Overview, Learning Objectives, Reading Assignments, & Resources
Module 1: High Value Care and Health Equity
Understanding the intersection between “value” and “equity” can inform conversations between value champions, leadership, and stakeholders, as well as inform early project planning activities.
A deep understanding of the concept of “value” and “equity” within healthcare is needed if a value champion is to be effective in their work. In addition, understanding the intersection between value and health equity is critical because some patient populations may be more vulnerable to harm from overuse. Understanding the intersection between value and health equity will also help value champions avoid unintentionally exacerbating existing health or health care disparities or creating new disparities as during their overuse reduction efforts. Ideally, value champions will not only reduce low value care, but advance health equity at the same time.
- Describe how health care value and health equity are connected and give an example.
- Describe how the concept of ‘double jeopardy’ might contribute to health inequities in your setting when a low-value service is delivered.
- Give examples of different types of potential harm that might be experienced by a patient who receives unnecessary care in your clinical setting and why some patients may be more vulnerable to harm.
- Citation: Helfrich CD, Hartmann CW, Parikh TJ, Au DH. Promoting Health Equity through De-Implementation Research. Ethn Dis. 2019;29(Suppl 1):93–96. Published 2019 Feb 21. doi:10.18865/ed.29.S1.93
This reading places the need to take action on de-implementing overused services squarely within the patient safety field. It describes 6 domains of patient harm from the delivery of a low-value care service and examples of each.
- Citation: Korenstein D, Chimonas S, Barrow B, Keyhani S, Troy A, Lipitz-Snyderman A. Development of a Conceptual Map of Negative Consequences for Patients of Overuse of Medical Tests and Treatments. JAMA Intern Med. 2018;178(10):1401-1407. doi:10.1001/jamainternmed.2018.3573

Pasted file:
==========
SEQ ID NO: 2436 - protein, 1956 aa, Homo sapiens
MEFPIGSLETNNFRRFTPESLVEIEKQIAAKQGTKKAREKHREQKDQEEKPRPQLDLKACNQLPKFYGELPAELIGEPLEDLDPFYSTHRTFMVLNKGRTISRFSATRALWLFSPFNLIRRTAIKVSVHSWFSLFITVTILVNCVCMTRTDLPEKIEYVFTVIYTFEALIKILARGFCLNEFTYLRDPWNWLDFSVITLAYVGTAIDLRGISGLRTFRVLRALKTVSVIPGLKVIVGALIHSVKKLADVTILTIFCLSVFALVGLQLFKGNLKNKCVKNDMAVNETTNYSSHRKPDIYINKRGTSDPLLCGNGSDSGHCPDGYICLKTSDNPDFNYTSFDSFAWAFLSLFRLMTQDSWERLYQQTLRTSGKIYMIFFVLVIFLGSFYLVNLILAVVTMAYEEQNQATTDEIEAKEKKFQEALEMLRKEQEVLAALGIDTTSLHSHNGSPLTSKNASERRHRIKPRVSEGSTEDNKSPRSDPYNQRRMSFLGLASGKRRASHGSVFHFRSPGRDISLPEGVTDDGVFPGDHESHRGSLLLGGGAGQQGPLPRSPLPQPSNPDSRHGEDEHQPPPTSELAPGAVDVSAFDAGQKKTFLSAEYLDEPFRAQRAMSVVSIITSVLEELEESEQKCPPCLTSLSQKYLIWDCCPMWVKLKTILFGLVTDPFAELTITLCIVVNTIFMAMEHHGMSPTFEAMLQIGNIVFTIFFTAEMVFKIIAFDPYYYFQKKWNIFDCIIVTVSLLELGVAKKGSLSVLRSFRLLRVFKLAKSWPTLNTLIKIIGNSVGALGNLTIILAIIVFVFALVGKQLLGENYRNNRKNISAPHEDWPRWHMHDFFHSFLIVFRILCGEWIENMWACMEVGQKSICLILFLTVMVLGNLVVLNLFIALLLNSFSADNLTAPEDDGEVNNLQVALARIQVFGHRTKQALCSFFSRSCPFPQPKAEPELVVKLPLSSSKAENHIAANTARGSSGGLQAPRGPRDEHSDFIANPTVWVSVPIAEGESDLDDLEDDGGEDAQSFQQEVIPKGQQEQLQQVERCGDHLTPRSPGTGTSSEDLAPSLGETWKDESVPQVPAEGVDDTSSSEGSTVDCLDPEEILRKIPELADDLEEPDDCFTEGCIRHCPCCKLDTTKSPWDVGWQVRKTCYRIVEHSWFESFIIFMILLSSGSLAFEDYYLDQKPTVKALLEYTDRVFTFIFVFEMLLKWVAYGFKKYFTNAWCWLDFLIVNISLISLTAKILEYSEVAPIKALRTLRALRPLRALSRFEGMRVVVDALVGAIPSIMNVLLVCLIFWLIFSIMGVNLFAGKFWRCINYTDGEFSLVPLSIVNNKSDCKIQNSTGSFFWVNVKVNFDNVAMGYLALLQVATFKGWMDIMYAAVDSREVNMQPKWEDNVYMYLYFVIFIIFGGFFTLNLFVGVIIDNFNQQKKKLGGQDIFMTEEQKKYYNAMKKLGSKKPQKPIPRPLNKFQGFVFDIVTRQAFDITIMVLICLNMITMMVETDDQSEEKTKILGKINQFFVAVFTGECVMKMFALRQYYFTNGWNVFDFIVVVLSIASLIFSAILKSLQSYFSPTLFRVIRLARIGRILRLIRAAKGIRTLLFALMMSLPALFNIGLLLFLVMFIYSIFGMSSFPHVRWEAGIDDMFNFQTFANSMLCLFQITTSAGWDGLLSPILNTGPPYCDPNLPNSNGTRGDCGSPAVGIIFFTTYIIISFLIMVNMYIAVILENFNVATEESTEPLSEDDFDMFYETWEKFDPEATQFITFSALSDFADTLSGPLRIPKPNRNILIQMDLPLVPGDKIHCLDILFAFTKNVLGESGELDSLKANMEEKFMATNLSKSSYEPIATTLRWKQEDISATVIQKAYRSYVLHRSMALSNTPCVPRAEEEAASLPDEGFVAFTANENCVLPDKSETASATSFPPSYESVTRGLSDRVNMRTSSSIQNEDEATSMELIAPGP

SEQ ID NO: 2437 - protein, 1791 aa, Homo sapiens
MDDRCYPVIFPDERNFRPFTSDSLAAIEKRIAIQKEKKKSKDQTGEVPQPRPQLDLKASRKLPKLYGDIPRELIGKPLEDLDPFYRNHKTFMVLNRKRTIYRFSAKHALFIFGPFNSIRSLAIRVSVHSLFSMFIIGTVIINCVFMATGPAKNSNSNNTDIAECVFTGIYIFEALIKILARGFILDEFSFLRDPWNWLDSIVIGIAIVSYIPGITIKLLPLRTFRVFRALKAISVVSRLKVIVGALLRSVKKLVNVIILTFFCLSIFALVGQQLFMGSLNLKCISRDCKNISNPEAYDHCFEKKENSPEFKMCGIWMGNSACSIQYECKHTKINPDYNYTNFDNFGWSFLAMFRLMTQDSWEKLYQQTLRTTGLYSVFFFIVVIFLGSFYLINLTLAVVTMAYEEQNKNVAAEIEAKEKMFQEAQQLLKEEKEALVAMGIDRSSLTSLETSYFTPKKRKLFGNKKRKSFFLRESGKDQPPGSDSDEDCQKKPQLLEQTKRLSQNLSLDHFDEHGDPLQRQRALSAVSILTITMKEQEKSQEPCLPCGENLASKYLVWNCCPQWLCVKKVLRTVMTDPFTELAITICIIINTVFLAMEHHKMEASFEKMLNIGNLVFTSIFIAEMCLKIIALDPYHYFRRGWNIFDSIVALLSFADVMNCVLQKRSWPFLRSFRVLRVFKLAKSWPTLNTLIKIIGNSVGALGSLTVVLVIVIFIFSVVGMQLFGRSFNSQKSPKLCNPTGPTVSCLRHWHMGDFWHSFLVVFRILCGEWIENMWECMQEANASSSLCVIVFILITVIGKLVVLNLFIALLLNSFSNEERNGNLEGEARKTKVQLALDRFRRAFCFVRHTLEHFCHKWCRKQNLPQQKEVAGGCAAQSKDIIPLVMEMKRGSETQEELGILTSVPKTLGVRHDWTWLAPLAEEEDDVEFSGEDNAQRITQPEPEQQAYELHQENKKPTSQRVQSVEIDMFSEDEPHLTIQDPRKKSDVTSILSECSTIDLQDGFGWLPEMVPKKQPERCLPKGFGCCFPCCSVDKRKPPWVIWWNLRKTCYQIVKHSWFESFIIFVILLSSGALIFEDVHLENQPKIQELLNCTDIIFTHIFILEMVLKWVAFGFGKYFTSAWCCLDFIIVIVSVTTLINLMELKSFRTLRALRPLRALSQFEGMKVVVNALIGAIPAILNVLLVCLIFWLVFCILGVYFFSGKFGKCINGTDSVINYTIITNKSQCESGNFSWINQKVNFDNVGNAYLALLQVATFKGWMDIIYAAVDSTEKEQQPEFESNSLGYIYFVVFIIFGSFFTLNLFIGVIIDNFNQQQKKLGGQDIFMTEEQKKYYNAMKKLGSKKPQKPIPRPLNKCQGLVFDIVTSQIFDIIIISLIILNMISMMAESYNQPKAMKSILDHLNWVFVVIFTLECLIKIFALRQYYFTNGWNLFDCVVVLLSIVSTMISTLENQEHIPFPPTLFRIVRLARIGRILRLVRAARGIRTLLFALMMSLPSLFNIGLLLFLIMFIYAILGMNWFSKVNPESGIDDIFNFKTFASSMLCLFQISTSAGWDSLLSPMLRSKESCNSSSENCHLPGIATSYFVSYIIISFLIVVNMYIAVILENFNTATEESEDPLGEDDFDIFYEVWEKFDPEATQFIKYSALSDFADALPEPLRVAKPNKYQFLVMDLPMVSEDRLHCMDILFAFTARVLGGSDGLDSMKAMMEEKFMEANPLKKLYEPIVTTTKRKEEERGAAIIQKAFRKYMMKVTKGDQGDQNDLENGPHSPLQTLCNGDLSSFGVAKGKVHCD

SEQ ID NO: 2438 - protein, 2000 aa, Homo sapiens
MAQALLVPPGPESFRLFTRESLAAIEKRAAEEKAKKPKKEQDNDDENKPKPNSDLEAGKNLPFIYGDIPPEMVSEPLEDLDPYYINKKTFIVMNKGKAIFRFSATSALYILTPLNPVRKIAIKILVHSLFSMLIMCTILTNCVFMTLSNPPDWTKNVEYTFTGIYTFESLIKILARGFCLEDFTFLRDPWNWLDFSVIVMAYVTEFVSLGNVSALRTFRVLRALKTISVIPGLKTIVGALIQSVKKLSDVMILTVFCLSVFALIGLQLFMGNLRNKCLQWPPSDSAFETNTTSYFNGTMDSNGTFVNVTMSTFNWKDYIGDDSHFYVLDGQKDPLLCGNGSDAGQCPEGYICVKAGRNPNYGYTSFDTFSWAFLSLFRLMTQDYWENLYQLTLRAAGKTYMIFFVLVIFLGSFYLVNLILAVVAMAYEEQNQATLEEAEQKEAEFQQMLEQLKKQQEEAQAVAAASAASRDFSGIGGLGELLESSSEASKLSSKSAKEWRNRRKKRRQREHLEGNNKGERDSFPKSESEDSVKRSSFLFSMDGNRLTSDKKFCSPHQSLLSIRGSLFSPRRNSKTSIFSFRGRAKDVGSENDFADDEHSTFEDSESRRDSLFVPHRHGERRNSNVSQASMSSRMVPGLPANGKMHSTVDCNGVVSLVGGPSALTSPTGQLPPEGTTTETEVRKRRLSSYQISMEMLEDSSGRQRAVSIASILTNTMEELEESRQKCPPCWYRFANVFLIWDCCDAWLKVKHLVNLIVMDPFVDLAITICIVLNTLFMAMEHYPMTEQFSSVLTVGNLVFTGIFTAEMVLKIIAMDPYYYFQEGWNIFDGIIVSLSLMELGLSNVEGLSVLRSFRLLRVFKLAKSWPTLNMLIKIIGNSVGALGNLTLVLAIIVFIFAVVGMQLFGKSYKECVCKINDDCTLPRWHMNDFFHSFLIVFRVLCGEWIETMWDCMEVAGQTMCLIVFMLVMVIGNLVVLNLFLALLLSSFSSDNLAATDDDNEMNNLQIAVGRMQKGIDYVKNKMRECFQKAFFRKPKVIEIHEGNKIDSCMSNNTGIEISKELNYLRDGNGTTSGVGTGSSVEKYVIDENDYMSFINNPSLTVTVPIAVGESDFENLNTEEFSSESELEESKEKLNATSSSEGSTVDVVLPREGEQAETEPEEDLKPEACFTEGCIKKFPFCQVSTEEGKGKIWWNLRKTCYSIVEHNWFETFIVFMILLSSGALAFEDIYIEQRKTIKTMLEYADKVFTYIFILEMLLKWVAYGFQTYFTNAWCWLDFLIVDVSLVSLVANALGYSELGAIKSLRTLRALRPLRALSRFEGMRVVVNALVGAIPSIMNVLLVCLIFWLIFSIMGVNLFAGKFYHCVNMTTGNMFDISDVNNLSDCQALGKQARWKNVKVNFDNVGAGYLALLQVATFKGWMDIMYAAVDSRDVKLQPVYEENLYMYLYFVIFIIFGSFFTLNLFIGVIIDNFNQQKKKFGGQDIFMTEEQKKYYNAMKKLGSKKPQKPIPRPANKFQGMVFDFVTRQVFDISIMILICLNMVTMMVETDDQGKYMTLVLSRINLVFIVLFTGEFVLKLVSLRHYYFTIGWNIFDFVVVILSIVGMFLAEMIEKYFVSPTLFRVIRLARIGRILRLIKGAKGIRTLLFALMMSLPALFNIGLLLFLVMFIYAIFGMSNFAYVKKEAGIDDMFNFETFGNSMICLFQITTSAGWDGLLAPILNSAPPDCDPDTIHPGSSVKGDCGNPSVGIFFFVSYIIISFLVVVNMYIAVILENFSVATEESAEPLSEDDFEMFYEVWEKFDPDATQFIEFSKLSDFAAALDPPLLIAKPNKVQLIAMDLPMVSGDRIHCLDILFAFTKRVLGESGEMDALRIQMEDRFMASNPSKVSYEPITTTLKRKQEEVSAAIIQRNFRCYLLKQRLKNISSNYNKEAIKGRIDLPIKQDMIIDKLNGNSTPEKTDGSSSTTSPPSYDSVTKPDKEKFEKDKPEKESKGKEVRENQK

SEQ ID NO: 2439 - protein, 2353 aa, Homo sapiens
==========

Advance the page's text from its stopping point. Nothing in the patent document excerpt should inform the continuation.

This article demonstrates that rates of low-value care delivery are similar for patients with no insurance or Medicaid compared to those with commercial insurance. In addition, when comparing clinicians in settings that provide care to vulnerable populations to those who were not, rates of delivery of low and high-value care were similar.
- Citation: Barnett ML, Linder JA, Clark CR, Sommers BD. Low-Value Medical Services in the Safety-Net Population. JAMA Intern Med. 2017;177(6):829–837. doi:10.1001/jamainternmed.2017.0401
This blog post provides a clear rationale for why we need to focus on the delivery of low-value care in vulnerable patient populations, challenges you are likely to run into, and suggestions for how to create effective messages that will resonate with patients and providers.
- Citation: Chien A, Hasnain-Wynia R. Reducing low-value care among vulnerable populations. Health Affairs Blog. https://www.healthaffairs.org/do/10.1377/hblog20190603.800067/full/
This resource describes the concept of an equity lens and provides a list of questions that are useful in applying that lens to decisions, programs and practices.
- Citation: Rachel DeMeester & Roopa Mahadevan. Using data to reduce disparities and improve health care quality: a guide for health care organizations. Advancing Health Equity White Paper.
This is one of a series of articles in the JAMA “Less is More” series and provides a case study with practical strategies that can be used to reduce the use of a low-value care service.
- Citation: Daniel M, Keller S, Mozafarihashjin M, Pahwa A, Soong C. An Implementation Guide to Reducing Overtreatment of Asymptomatic Bacteriuria. JAMA Intern Med. 2018;178(2):271–276. doi:10.1001/jamainternmed.2017.7290